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  • Buy-to-Let

    How to create a S21 that takes Spencer v Taylor into account?

    The recent Spencer v Taylor case says that a s21(1)(b) notice can be served at any time provided that there has at some stage been a fixed term tenancy, hence the notice does not need to take into account the periods of the tenancy.

    The NLA S21 generator still creates a S21 that has a “saving provision” that talks about periods.

    What wording do I use on a S21 notice so that it take effect as quickly as possible, but still is valid?

    (I will serve at least 2 S21 notices one using the “new” wording and 1 using the NLA wording.)
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    Given that Spencer v Taylor is possibly going to the Supreme Court, I'd suggest being cautious for the time being.
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    Giles Peaker

    Anthony Gold Solicitors

    Section 21- The Supreme Court speaks

    Legal insight|

    By David Smith of Anthony Gold

    The Supreme Court has today refused permission to appeal to the tenant in the case of Spencer v Taylor. David Smith of Anthony Gold Solicitors with James Browne of Lamb Chambers acted for the landlord in opposing the permission application.

    What does this mean?

    The refusal of permission means that the original decision of the Court of Appeal in this matter is now good law and can be taken as the accurate position on section 21 notices. We wrote about this here. However, in summary this means that if there has been a previous fixed term tenancy a s21(1)(b) notice which is the simpler form of notice and only requires 2 calendar months notice (ie. there is no need for the notice to expire at the end of a period) can be served both in the fixed term or any subsequent statutory periodic tenancy.

    Practical effects

    For much of the private rental sector this decision will mean that the s21(4)(a) notice is effectively dead and a lot of the cases that have caused landlords and agents concern over the years are now largely irrelevant. Even where an s21(4)(a) notice has been served the provisions of s21(1)(b) will have effect and so this will mean that an incorrect date will probably not be a problem provided that the tenant has at least had two calendar months notice.

    Our View

    David Smith said:

    "This decision is good news for landlords. The confusion caused by s21(4)(a) benefits nobody in the property sector other than lawyers. While some tenant organisations may feel that the longer periods offered by this notice was of value the time involved was often illusory and was very variable. The confusion caused by the use of saving provisions and the uncertainty over whether or not a valid notice had been served was, in reality, of minimal benefit to tenants and meant that they were also unsure if they really had to leave. The Court of Appeal decision meant that this confusion was significantly reduced. I am pleased that the Supreme Court has upheld that judgement."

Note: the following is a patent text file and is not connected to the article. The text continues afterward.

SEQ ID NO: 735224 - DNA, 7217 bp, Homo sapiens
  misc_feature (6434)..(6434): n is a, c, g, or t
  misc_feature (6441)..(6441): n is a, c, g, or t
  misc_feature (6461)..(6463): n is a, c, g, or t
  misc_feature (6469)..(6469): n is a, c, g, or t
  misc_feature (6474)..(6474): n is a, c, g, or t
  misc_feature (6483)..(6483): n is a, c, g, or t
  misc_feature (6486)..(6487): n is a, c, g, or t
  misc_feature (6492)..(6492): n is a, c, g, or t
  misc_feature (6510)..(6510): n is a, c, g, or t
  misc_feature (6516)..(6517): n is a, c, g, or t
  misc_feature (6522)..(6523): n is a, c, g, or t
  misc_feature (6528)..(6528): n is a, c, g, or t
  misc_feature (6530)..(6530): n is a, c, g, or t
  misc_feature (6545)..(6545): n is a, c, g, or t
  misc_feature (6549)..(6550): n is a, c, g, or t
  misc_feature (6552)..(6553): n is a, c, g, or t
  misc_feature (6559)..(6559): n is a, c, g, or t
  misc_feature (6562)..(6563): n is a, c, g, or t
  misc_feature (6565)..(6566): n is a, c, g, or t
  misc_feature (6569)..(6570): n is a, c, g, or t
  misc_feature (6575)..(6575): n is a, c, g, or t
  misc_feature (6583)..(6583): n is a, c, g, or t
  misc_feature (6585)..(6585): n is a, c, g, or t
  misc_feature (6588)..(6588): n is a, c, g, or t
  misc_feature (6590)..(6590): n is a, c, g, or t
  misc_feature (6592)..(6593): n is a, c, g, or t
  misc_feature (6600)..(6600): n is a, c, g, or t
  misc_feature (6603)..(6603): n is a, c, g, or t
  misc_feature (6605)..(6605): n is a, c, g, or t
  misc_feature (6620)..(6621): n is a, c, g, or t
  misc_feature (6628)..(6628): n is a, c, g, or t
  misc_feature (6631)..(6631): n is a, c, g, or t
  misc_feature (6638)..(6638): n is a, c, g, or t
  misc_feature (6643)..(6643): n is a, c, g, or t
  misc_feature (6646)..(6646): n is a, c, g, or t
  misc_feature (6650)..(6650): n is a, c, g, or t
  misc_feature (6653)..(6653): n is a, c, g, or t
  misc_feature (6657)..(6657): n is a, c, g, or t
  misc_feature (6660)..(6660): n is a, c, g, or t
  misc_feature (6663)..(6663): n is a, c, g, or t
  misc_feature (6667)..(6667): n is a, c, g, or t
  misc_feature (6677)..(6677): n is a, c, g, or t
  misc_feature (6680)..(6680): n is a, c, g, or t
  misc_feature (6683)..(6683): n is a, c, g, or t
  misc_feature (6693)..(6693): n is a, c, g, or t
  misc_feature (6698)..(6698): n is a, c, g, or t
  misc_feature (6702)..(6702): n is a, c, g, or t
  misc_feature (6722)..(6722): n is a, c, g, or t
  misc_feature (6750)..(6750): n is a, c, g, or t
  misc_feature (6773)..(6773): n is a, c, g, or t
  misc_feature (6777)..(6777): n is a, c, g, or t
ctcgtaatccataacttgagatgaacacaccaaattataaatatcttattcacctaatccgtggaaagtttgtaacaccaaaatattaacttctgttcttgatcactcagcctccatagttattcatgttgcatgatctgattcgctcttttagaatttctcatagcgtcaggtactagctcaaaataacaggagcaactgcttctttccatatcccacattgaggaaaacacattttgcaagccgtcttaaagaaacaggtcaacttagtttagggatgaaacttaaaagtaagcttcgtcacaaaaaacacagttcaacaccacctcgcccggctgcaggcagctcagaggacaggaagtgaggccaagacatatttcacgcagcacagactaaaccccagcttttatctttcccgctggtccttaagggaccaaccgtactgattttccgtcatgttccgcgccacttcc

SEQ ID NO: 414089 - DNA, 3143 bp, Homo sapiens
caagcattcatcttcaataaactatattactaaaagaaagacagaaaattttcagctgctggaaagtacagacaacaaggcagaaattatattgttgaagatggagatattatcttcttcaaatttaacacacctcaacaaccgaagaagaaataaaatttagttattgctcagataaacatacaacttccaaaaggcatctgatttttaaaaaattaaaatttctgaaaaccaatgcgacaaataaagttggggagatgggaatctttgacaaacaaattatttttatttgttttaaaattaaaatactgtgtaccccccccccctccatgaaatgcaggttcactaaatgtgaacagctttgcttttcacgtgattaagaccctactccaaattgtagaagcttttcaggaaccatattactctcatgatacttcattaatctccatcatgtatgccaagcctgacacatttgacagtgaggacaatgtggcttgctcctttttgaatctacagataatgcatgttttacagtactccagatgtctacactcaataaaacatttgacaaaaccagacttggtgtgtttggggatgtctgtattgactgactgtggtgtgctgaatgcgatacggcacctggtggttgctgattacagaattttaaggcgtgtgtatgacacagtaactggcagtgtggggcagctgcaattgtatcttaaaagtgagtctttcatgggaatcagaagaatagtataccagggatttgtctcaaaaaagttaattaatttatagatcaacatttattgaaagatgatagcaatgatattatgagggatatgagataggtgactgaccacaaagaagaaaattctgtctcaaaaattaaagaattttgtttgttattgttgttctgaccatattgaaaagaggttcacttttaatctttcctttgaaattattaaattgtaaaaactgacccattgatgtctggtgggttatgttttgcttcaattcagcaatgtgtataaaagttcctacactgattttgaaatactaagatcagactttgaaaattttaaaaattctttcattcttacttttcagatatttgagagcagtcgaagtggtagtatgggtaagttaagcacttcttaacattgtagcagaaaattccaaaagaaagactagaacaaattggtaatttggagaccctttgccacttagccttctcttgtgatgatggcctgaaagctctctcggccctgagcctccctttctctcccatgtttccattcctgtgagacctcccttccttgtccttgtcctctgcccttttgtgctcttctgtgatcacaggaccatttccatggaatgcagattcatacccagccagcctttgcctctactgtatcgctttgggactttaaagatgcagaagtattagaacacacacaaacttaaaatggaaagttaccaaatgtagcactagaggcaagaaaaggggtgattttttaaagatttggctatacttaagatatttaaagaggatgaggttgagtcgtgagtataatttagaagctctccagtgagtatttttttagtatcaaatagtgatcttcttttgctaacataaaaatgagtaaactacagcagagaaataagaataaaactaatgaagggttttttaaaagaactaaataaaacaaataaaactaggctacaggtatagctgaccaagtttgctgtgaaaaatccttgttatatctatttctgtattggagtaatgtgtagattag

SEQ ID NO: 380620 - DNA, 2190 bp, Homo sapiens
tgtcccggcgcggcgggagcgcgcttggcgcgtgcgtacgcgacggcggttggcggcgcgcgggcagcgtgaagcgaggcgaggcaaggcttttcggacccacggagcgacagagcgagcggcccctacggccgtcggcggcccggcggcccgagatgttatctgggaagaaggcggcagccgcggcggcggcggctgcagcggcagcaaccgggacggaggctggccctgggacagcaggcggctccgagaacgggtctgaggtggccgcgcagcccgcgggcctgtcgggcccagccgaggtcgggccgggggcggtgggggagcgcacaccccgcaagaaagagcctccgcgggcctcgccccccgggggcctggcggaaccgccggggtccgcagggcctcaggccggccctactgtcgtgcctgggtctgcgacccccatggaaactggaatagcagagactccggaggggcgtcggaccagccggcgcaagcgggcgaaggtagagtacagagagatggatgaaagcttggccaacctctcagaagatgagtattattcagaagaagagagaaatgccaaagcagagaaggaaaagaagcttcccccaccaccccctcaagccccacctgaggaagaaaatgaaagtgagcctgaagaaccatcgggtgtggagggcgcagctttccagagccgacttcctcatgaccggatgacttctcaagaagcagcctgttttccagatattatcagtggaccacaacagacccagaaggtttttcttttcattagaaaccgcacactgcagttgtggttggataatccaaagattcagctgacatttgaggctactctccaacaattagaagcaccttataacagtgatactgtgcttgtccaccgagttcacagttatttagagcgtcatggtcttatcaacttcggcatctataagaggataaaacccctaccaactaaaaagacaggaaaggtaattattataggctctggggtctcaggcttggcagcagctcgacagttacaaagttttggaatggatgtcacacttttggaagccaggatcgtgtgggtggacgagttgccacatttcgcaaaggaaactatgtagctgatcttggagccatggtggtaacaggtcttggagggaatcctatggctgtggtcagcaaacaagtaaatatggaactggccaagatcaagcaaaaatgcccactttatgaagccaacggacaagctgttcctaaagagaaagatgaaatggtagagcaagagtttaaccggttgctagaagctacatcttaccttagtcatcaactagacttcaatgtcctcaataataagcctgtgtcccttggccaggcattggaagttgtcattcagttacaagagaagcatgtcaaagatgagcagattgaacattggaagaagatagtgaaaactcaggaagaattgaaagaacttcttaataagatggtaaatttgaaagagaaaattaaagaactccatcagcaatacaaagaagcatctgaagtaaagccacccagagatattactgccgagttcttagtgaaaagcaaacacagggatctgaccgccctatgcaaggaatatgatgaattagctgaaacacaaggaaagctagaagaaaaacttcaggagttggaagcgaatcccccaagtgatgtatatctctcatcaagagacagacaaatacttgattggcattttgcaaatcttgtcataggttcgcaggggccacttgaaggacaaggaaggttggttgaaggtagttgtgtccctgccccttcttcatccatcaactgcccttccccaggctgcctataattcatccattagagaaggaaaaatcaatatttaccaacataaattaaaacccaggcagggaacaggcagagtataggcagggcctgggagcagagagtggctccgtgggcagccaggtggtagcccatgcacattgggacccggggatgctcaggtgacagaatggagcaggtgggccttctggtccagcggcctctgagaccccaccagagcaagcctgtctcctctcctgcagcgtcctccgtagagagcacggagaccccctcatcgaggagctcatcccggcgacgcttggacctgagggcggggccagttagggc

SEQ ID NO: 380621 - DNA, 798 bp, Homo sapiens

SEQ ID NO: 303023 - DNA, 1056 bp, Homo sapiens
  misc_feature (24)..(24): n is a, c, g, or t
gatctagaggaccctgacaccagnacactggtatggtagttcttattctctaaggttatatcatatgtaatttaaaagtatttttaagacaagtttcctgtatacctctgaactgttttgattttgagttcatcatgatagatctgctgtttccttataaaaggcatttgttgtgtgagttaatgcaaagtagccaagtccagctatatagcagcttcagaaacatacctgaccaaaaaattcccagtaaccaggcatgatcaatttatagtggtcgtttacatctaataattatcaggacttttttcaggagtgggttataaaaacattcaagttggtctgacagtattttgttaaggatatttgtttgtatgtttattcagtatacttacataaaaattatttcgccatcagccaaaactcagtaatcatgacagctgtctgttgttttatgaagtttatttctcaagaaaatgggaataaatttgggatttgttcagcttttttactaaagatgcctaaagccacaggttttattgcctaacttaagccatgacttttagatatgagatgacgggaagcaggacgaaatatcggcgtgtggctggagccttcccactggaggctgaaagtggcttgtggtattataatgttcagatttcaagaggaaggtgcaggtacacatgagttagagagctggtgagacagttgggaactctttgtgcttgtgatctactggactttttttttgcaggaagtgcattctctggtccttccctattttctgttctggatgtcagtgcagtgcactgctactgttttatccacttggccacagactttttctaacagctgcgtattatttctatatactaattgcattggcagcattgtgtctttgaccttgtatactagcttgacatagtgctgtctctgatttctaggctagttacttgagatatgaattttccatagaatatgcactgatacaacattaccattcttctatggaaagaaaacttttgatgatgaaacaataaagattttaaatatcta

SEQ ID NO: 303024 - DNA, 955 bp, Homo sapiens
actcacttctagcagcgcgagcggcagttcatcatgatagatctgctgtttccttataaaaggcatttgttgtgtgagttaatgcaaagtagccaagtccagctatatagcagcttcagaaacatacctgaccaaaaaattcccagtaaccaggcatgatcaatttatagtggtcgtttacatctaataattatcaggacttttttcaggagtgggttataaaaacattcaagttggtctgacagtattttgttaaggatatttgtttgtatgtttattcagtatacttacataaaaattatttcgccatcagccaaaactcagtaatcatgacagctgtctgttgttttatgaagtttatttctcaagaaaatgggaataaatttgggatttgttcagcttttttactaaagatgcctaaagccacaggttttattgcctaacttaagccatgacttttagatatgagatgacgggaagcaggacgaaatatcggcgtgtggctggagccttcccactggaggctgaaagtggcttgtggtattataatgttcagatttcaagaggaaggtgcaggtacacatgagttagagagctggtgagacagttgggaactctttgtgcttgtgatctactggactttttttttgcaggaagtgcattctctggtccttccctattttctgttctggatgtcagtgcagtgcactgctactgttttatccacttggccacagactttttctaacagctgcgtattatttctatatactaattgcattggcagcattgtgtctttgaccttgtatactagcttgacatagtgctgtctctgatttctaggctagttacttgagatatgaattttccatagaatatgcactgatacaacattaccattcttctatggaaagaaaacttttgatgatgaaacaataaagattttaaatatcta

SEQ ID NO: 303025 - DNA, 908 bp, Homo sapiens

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    Press release from Fergus Wilson:

    Amanda Willis of Manor House Drive, Ashford, finally lost here prolonged battle to retain the tenancy of her house one week after the Supreme Court ruled in the Landmark Case of Spencer v Taylor appealed from the Court of Appeal.

    Ms Willis was represented by Holden & Co of Ashford and argued that the Notice to Quit was incorrect but District Judge Nigel Jackson ruled against her and refused permission to Appeal.

    The Notice to Quit was issued on 11th July 2013. Possession was Ordered on 14th August 2014.

    Ms Willis, has four children, and told the Court she had done nothing wrong. She was not in Arrears with her rent and had never been. The Council had told her to go to a Solicitor. She said she had been looking for a house for over a year but no Agent would accept her with four children. She needed to live close to her children’s school.

    The Landlord was Judith Wilson represented by Andrew Wilson, a Direct Access Barrister, of 1 Essex Court, Temple who argued that Spencer v Taylor applied in what was the first case heard following the Supreme Court ruling.

    Fergus Wilson said afterwards that the Supreme Court ruling was a very important case for Landlords. It has taken over 13 months from start to finish on what is meant to be an accelerated procedure taking 14 days!

    It is the Local Council that has a duty of care to house these vulnerable people not the Private Sector Landlord but the Council has nowhere for them.

    Mrs Wilson merely wanted her house back and does not need to give a reason. There is no criticism of Amanda Willis whatsoever.
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